Project description:Increased appetite and weight gain after cessation is a deterrent for quitting smoking. Attempts to understand the mechanism for these effects using animals have been hampered by the difficulty or inconsistency of modeling the effects seen in humans.To examine the effects of extended daily access to intravenous nicotine, via programmed infusions, on body weight and meal patterns in rats.Intravenous (IV) nicotine infusions (0.06 mg/kg/inf) were administered noncontingently, every 30 min throughout the dark cycle and the last 3 h of the light cycle, to emulate self-administration. The effect of these infusions on food intake, meal patterns, and weight change were examined relative to a control group during treatment and in a post-nicotine phase.Nicotine-treated rats gained half the weight that vehicle treated animals gained and ate approximately 20 % less food overall than vehicle-treated rats. Whereas a compensatory increase in meal frequency occurred during the dark period to account for smaller meals, no compensation was observed throughout the light period. In a post-nicotine phase, the nicotine group maintained a lower weight for 1 week and then gained weight back to control levels. The rate of weight gain post-cessation was faster in animals that had received nicotine compared to controls.Compared to previous studies examining the effects of minipump or intraperitoneal injections of nicotine on food intake, the present study was able to detect previously unknown circadian differences in meal patterns which will be important in the development of smoking cessation and weight gain prevention drugs.
Project description:Obesity and tobacco smoking represent the largest challenges to public health, but the causal relationship between nicotine and obesity is poorly understood. Nicotine suppresses body weight gain, a factor impacting smoking initiation and the failure to quit, particularly among obese smokers. The impact of nicotine on body weight regulation in obesity-prone and obesity-resistant populations consuming densely caloric diets is unknown. In the current experiment, body weight gain of adult male rats maintained on a high energy diet (31.8% kcal from fat) distributed into obesity-prone (OP), obesity-resistant (OR) and an intermediate group, which was placed on standard rodent chow (Chow). These rats were surgically implanted with intravenous catheters and allowed to self-administer nicotine (0 or 60?g/kg/infusion, a standard self-administration dose) in 1-h sessions for 20 consecutive days. Self-administered nicotine significantly suppressed body weight gain but not food intake in OP and Chow rats. Self-administered nicotine had no effect on body weight gain in OR rats. These data suggest that: 1) OR rats are also resistant to nicotine-induced suppression of body weight gain; and 2) nicotine may reduce levels of obesity in a subset of smokers prone to obesity.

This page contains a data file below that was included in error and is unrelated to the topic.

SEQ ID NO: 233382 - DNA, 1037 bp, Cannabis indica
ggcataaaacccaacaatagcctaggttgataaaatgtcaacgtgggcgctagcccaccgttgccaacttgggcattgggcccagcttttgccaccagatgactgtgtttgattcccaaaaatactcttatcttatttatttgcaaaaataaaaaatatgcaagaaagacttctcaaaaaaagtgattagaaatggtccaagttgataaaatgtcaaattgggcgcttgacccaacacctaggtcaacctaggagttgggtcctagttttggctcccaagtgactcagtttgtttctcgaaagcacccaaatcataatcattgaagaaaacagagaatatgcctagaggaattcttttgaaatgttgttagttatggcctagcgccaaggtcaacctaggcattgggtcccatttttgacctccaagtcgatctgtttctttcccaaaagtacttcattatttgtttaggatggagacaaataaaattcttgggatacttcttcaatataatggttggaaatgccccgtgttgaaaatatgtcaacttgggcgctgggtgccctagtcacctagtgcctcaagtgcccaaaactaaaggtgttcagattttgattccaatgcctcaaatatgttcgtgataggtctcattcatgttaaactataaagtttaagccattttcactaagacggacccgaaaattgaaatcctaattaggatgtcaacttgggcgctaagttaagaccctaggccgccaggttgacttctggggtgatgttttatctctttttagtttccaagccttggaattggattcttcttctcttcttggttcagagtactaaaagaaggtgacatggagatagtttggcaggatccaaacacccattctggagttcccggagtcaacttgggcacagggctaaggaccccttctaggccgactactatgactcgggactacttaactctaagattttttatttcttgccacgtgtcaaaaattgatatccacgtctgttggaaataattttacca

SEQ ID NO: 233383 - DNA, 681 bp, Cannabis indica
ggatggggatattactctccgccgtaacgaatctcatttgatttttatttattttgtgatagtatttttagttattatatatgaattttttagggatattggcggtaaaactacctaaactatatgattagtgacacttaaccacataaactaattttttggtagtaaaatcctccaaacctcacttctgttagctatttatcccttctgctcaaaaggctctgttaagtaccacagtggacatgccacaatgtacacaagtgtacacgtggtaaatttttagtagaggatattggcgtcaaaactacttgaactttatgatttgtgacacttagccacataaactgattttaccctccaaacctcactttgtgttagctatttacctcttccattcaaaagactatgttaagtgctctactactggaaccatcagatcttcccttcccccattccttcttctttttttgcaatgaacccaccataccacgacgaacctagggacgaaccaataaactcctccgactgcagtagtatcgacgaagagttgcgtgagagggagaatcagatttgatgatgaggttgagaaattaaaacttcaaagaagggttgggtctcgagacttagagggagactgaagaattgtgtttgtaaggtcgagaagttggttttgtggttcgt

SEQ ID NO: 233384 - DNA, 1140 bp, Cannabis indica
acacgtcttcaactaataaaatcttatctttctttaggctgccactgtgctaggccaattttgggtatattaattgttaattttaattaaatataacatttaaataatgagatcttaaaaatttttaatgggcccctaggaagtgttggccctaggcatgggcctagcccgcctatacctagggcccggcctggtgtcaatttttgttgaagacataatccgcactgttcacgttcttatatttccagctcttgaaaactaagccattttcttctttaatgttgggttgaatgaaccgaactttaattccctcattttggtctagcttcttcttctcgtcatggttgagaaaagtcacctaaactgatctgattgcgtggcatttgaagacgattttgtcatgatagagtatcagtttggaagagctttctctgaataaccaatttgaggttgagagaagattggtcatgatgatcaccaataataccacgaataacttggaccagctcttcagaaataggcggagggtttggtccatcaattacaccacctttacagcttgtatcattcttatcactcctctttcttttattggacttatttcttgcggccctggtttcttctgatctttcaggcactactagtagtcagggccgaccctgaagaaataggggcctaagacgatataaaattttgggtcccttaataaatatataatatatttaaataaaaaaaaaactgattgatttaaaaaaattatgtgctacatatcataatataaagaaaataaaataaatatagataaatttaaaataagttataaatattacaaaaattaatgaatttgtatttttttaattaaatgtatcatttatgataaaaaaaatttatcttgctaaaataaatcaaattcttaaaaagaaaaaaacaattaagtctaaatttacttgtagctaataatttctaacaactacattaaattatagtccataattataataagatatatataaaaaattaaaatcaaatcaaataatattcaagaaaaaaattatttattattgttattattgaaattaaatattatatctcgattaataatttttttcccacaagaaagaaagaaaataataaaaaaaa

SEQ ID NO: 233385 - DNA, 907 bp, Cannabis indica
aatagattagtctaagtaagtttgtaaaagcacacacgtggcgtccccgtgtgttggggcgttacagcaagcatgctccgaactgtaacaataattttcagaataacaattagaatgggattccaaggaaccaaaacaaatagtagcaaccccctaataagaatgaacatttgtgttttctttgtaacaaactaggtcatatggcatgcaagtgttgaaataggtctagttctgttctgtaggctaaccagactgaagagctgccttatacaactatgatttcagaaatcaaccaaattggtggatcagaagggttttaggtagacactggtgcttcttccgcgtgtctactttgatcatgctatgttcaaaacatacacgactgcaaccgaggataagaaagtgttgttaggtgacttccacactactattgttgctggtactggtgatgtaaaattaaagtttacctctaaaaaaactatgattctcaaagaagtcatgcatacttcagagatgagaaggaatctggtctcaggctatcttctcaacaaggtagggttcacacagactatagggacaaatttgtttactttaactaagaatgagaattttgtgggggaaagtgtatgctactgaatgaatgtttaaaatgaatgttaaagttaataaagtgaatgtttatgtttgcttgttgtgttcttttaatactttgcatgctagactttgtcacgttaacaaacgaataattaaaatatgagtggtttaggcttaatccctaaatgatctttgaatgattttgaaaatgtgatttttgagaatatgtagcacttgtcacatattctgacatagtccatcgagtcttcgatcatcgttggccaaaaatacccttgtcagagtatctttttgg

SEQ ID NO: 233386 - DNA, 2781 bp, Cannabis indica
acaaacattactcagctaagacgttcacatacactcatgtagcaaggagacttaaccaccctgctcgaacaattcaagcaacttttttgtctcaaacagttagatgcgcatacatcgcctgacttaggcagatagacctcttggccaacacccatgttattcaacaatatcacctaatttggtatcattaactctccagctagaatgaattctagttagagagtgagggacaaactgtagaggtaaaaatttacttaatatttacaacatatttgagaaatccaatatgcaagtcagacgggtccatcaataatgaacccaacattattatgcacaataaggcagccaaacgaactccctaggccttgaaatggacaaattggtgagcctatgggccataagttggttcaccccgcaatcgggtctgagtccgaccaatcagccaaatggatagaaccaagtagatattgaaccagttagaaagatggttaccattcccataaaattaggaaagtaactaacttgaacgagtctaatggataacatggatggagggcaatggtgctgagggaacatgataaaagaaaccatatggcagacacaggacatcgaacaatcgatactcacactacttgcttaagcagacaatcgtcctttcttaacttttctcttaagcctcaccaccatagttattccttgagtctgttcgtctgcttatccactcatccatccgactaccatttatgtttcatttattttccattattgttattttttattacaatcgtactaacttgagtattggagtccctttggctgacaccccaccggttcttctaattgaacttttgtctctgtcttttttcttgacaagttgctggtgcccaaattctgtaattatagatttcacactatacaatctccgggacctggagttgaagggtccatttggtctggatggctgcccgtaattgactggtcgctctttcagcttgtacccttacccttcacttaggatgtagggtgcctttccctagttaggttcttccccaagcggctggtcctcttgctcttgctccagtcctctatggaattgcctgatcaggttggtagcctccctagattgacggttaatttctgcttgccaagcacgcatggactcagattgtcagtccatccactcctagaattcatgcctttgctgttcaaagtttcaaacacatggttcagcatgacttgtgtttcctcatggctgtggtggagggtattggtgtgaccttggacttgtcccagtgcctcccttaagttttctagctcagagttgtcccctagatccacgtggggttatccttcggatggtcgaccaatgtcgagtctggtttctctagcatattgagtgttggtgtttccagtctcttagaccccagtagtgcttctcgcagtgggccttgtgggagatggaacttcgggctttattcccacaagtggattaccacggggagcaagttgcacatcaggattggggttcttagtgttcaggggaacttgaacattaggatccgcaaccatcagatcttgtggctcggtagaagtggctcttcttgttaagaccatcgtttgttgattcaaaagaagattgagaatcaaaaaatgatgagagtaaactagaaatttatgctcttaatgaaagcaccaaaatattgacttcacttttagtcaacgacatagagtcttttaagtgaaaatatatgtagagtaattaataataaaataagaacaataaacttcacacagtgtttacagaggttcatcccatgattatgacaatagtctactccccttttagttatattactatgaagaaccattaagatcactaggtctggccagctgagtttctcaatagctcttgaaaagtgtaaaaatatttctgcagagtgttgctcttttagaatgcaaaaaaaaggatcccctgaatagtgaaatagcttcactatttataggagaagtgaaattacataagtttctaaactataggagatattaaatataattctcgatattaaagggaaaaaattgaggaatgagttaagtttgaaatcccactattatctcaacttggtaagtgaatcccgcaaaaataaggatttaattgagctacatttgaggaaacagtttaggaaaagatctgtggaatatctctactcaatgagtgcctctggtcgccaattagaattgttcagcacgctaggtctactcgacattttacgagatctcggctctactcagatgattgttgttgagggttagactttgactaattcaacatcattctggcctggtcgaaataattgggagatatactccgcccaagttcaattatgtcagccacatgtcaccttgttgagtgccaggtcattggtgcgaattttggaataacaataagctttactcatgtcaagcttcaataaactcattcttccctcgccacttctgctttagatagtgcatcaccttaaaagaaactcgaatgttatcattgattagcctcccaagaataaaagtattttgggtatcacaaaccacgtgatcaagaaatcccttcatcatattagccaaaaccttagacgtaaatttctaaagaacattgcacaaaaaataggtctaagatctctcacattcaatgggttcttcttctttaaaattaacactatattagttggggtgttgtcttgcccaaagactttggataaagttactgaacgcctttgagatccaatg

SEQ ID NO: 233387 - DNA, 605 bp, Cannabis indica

Project description:Carbohydrate intake, preference, and taste thresholds may be altered in current and former cigarette smokers, which may mediate weight gain and risk for obesity in individuals who quit smoking. Attempts to model these effects in rodents have primarily used noncontingent nicotine administration. The purpose of this research was to characterize changes in chow and sucrose intake in rats during a 23-h access model of i.v. nicotine self-administration (NSA), in which rats lever-pressed for chow, sucrose, and nicotine under concurrent fixed-ratio (FR) 1 schedules. Male rats were assigned to one of three groups that differed in food and drug availability. The Nicotine C+S group had concurrent access to nicotine, chow, and sucrose. The Saline C+S group had access to saline, chow, and sucrose. The Nicotine C-Only group had access to nicotine and chow, but not sucrose. Changes in food intake and weight gain were assessed during baseline, NSA, and nicotine withdrawal (i.e., saline extinction). Weight gain was significantly slowed during NSA and increased during withdrawal, but did not differ between the nicotine groups. NSA produced a significant decrease in both chow and sucrose intake. Gradual tolerance to nicotine's effects on sucrose, but not chow intake, occurred. During withdrawal, chow and sucrose intake increased, with a larger percent increase in sucrose intake compared to chow. The proportion of total food intake from sucrose was greater at the end of withdrawal compared to baseline, indicating a history of nicotine intake changed dietary preference. Combined, these results indicate that sucrose intake is more resistant to nicotine's appetite suppressant effects and withdrawal from nicotine produces a greater increase in sweet food intake alongside general increases in chow intake. Changes in overall food intake in current and ex-smokers may lead to increased risk for obesity and other health problems, potentially limiting the benefit of quitting smoking.